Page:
Rodent and Insect Control in Mason County (Shelton) and Gig Harbor Area

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Contact us today to protect your home from rat, rodents, ants & other pests

Contact Us Locally at 1-360-277-1641

 Rodents – Rats/Mice
Termite Protection
Nuisance Wildlife
 Ant Control
Wasps/Bees
Rodent-Proofing
 Spider Control
Other Insects, etc.
Dead Rat Removal/Odor Control

Cascade Pest Control/Exterminators – Cascade has been providing insect & rodent control & protection since 1979. Cascade is local & family-owned.   The Cascade team is dedicated to provide safe & effective pest management solutions and great customer care. Cascade has earned a reputation for respecting the natural environment and your health and safety. Cascade provides Integrated Pest Management (IPM).

rodents, rats, miceRodents – Rats & Mice.   Cascade Pest Control specializes in rodent control, extermination, removal & elimination.   Here in the northwest rodent problems are predominantly the Norway Rat (a.k.a. the brown Rat, sewer Rat & wharf Rat); the Roof Rat (a.k.a the black rat or ship rat); House Mouse; and wild mice, such as the Deer mouse and the Field or Meadow mouse. In most cases by the time we are called there is already an established rat or mouse infestation. Both rats and mice spread disease, however, the deer mouse is a common carrier of hantavirus.   Rat/rodent damage occurs to insulation (in attics & crawlspaces), they gnaw on wires causing shorts and even fires, and they contaminate areas they traverse and nest. Rats & mice take advantage of home construction seeking shelter, nesting material (usually home insulation), and food (leftover dog & cat food, spilt bird seed and more.) Cascade Pest Control provides rat/mice/rodent inspections & assessments, rat/rodent abatement, rodent exclusion (rat- and mouse-proofing or blocking), rodent protection and damage repair. Most rodent damage results in compressed, disrupted or contaminated insulation. Cascade can also help with the “dirty job” of removing dead rats, rodents or other animal carcasses and smell/odor control.   Cascade is also available for rat/rodent abatement—a process of rodent population containment when large structures are cleared for a new construction project.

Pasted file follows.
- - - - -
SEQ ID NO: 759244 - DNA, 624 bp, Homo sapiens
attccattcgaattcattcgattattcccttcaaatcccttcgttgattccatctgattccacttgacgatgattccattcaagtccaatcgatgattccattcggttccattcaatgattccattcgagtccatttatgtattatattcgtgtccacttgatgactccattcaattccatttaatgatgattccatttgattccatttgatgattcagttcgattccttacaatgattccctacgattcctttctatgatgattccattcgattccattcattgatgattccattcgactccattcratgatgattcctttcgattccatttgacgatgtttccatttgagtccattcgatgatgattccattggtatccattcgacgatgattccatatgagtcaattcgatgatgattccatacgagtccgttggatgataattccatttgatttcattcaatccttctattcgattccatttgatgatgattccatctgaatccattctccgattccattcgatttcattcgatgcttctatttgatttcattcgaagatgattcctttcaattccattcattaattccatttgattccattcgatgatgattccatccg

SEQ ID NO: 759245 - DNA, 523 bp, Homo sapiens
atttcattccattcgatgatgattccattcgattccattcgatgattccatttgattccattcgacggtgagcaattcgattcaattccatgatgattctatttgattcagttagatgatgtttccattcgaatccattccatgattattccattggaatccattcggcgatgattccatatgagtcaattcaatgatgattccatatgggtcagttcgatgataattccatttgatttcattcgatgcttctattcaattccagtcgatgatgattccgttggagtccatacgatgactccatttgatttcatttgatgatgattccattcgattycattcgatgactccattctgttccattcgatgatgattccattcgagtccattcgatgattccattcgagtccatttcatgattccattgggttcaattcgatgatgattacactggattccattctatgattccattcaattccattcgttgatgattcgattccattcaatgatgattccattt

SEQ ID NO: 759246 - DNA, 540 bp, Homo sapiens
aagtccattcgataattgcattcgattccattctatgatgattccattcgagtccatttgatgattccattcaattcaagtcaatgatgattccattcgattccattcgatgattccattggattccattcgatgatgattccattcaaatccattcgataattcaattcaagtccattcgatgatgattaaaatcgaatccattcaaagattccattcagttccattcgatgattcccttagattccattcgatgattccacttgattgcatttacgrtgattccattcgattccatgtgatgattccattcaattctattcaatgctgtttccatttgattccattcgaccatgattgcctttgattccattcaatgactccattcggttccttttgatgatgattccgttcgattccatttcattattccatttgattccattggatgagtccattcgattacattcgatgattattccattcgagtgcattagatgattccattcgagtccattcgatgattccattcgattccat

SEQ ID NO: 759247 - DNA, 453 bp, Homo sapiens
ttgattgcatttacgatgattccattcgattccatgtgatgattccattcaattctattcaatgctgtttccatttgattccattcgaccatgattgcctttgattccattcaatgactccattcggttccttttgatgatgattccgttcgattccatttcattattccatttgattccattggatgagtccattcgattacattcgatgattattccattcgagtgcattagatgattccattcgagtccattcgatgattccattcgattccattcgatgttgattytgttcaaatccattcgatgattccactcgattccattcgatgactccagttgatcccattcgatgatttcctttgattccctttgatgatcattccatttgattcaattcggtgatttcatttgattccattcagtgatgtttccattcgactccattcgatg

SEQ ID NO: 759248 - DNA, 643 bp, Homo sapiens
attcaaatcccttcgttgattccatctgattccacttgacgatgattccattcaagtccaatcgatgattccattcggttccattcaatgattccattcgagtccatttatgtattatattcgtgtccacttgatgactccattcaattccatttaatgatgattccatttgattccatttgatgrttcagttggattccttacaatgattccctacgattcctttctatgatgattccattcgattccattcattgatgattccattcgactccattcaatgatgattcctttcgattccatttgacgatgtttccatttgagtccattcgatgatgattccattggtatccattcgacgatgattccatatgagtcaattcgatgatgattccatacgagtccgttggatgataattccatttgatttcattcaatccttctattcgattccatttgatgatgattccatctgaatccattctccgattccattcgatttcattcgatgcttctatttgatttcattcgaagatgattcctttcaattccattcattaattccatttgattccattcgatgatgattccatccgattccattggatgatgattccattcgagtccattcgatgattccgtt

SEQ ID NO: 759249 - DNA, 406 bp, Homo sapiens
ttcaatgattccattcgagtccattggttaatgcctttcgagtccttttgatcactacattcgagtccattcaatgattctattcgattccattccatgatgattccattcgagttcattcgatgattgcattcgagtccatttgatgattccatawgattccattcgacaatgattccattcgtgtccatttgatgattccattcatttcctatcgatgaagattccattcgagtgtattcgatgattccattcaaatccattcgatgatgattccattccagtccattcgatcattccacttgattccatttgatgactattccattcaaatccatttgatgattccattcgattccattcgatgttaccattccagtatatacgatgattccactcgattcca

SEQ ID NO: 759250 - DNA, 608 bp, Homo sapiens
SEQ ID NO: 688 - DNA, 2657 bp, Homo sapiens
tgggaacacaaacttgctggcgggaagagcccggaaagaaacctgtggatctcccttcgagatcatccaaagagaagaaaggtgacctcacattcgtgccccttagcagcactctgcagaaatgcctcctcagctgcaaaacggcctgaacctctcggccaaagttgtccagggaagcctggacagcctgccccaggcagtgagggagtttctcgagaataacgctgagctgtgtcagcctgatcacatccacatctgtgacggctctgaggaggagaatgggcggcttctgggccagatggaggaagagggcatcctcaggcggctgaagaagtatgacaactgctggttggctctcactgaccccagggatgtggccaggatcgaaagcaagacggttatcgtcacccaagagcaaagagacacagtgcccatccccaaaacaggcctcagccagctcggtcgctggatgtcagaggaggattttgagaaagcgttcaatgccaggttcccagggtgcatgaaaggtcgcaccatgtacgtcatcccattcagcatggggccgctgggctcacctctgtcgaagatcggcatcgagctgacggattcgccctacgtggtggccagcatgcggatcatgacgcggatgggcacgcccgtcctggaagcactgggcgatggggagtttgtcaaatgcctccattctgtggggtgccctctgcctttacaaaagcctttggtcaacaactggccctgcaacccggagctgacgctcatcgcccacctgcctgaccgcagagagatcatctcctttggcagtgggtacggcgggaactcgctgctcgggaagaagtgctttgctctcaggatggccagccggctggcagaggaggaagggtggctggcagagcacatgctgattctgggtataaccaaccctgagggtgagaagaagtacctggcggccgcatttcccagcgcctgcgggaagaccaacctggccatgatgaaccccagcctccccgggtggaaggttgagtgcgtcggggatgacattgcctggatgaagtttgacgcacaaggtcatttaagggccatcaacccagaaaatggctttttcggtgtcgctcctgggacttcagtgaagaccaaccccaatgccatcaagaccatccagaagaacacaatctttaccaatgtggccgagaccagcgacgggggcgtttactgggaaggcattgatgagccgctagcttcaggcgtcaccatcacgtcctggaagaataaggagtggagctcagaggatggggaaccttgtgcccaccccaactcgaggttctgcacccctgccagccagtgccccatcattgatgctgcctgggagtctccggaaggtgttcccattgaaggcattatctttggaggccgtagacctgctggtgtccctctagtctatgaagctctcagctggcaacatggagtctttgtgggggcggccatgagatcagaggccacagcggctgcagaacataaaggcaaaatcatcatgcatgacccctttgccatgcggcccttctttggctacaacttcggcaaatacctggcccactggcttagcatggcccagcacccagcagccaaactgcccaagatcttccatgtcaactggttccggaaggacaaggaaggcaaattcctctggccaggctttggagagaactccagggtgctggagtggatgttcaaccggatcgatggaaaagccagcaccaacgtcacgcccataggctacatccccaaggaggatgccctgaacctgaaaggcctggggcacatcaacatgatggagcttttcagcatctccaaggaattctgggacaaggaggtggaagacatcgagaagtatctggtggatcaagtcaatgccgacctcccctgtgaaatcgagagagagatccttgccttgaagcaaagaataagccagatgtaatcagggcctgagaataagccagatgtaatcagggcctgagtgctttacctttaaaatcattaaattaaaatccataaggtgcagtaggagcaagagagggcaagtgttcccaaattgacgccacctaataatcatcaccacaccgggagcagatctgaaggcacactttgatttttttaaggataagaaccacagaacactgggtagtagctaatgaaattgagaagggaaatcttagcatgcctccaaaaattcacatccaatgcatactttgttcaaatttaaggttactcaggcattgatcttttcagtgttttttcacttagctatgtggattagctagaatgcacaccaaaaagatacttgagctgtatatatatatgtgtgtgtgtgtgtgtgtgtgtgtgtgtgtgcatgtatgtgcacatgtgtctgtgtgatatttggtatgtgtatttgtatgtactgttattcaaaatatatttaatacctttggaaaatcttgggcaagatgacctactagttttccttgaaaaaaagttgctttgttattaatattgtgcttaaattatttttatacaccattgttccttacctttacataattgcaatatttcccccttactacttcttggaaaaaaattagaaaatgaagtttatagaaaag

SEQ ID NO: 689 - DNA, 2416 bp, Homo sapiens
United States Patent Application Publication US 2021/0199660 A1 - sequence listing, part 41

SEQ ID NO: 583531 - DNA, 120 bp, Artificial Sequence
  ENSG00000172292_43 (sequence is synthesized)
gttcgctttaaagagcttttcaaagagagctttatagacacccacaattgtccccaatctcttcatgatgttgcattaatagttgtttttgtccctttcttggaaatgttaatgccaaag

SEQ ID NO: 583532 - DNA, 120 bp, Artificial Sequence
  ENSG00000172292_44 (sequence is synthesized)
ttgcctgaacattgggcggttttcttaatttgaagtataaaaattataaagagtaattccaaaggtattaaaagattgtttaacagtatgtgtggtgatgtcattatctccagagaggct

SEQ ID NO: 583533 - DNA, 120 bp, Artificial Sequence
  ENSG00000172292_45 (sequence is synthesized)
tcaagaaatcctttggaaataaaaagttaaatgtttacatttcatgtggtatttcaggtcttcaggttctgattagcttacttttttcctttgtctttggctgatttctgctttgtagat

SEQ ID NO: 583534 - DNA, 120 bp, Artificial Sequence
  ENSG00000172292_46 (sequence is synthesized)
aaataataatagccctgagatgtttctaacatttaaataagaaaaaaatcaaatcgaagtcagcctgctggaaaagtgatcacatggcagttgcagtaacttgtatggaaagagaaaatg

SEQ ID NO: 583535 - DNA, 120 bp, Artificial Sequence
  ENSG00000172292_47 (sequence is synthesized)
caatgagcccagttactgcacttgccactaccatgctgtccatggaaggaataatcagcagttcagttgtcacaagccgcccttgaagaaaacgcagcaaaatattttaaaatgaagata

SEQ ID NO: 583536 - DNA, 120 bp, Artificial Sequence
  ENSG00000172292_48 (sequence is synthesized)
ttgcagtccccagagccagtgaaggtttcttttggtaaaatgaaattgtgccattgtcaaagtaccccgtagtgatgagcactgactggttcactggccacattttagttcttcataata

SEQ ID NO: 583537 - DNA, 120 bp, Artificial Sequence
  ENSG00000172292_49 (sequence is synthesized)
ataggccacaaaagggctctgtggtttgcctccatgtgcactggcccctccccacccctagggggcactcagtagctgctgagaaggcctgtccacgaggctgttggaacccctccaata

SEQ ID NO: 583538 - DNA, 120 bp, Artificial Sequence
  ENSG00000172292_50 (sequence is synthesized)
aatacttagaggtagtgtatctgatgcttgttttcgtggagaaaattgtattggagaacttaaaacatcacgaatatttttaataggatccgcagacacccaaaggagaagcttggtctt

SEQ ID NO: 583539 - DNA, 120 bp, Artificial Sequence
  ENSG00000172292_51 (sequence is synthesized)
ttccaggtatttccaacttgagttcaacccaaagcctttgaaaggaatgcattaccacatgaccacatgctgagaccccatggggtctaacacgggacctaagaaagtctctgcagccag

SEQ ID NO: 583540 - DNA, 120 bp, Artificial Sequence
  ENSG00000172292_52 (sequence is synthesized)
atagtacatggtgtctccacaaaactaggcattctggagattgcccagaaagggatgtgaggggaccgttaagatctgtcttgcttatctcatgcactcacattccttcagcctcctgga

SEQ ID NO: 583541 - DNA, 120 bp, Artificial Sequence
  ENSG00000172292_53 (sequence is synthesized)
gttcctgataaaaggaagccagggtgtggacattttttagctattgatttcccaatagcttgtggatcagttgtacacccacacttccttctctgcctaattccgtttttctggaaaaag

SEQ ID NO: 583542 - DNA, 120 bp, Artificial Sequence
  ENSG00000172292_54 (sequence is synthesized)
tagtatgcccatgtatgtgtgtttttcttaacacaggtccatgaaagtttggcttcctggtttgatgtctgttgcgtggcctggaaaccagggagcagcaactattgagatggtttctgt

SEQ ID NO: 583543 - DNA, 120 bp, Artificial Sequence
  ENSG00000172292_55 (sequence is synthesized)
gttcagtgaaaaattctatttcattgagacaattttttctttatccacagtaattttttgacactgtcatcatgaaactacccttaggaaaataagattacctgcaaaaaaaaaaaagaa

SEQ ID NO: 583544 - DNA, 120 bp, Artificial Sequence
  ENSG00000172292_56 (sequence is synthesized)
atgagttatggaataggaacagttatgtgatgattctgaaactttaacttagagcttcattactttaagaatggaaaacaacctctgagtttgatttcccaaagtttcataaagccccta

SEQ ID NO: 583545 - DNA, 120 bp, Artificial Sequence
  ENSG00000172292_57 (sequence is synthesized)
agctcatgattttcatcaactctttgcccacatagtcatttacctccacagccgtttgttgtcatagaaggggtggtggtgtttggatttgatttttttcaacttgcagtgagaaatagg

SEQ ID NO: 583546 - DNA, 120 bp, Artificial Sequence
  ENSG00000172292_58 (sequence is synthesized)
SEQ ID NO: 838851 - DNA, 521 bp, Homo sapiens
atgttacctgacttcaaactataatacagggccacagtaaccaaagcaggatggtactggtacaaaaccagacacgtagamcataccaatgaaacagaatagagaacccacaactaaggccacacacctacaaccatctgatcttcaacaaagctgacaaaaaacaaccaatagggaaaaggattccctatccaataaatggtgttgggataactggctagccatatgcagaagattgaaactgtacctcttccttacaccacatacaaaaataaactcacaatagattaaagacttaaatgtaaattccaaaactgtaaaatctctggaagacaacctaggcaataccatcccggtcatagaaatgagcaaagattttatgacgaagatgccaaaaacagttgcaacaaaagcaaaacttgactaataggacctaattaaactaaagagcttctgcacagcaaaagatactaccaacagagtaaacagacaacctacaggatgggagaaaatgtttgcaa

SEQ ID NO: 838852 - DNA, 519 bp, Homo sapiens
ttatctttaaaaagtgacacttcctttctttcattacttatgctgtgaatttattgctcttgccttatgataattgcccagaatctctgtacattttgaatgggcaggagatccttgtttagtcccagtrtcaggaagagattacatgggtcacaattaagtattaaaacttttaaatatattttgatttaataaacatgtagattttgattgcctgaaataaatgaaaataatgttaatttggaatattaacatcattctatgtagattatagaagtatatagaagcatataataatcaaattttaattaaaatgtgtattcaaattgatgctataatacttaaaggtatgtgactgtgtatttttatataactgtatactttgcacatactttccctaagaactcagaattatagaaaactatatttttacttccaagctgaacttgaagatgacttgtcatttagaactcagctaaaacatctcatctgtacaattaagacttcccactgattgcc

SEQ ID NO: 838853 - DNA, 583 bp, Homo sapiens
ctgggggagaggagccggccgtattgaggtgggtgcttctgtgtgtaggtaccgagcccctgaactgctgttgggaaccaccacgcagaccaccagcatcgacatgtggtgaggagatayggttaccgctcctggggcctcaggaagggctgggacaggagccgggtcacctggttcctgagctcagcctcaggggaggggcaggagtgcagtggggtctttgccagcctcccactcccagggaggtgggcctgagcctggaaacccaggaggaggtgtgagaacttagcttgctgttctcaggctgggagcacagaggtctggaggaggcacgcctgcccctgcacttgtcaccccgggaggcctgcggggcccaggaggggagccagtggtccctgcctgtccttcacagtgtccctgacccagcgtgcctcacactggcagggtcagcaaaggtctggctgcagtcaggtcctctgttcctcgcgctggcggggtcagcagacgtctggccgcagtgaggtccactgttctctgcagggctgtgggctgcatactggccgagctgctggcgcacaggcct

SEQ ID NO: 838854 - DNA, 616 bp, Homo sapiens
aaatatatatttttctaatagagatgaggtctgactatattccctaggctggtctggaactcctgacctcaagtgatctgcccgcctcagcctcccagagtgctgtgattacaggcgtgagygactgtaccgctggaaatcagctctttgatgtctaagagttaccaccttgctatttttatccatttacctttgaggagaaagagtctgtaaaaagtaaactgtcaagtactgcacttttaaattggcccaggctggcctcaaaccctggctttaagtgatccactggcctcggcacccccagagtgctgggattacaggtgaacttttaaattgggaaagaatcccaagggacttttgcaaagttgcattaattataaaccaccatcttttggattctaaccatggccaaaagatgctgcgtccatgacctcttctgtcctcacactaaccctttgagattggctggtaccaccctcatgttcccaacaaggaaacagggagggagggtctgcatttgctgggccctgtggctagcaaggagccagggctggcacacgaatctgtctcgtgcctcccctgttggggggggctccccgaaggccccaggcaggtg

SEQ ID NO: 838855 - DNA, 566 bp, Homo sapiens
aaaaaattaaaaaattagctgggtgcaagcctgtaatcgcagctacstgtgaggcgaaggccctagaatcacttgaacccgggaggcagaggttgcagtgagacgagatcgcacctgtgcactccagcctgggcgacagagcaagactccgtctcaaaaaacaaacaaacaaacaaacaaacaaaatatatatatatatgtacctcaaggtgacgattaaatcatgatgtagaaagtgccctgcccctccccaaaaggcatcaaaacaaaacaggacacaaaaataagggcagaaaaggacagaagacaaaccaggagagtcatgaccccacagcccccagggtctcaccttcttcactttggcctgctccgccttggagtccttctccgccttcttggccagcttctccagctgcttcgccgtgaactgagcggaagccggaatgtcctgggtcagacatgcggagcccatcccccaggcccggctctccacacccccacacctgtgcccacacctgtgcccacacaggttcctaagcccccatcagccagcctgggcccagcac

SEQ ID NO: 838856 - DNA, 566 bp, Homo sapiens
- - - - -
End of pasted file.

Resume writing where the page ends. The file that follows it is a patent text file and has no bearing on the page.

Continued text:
ant control

Ant Control.   In the greater Puget Sound Region we encounter a number of ant pests, some of which are extremely persistent and annoying, and others cause damage to wood timbers. The most prevalent ants are odorous house ants (insidious tiny black ants), carpenter ants (moderate to large black ants that nest in and damage wood structures), pavement ants, thatching ants (often build stack of fir/pine needles or dried grass), and moisture ants (nest in very wet or decaying wood). There are also other ant species that have been brought into the area which cause some nasty problems (pharaoh ants and other species).
Cascade provides ant pest control (a.k.a. ant extermination, ant removal, ant elimination, ant fumigation, ant eradication). Ant control measures vary widely depending on the species—some primarily rely on special baiting techniques and other, such as carpenter ants, may require injecting wall voids.


spiderSpider Control. Spiders are creepy, cause messy & unsightly webs, and some can inflict harmful bites. Although most all spiders carry some form of venom, few can penetrate human skin to cause any harm. One local species is particularly poisonous, the hobo spider which is also known as the “aggressive house spider” can cause lesions and other symptoms. Black widow spiders are plentiful in eastern Washington but rare in the Puget sound region. Brown recluse spiders—also famous for poisonous bites—are not found in the northwest.   It should be noted, however, that it is possible for these spiders to be carried when moving (furniture & other items) from another part of the country. Much of our spider problems result from webs that obscure windows and other locations, how they creep through a home, and some smaller bites.


termite controlTermites. We have the largest species of termite in the United States here in the northwest. Fortunately, the Dampwood termite only nests in very wet or decaying wood and seldom damages homes. However, we do have the famously destructive termite—the subterranean termite—in various locations throughout the region. These locations are more or less dependent on local soil types. Localities where subterranean termites are most prevalent are West Seattle, areas near Issaquah, various parts of south King county and further south (Pierce & Thurston counties). Other areas occasionally encounter them.
Cascade provides termite control measures (a.k.a. termite treatments, extermination, removal, fumigation & protection.)


wasp, bee, hornet controlWasps & Bees. Wasps are threatening in their aggressive behavior and the very painful stings they inflict. These stings can be particularly threatening to anyone with compromised health issues or who are allergic to the stings.   The most troublesome wasps locally are yellow jackets and bald-faced hornets (actually a variety of yellow jacket). They can nest in wall voids, beneath porches, in ground nests, or nests that hang from roof eaves or tree and bush branches. Yellow jackets are aggressive and nests build up to large numbers—up to 4 or 5 thousand. When nesting above a ceiling or behind a wall they can scratch their way through sheetrock causing a sudden intrusion of many wasps within a home’s living space.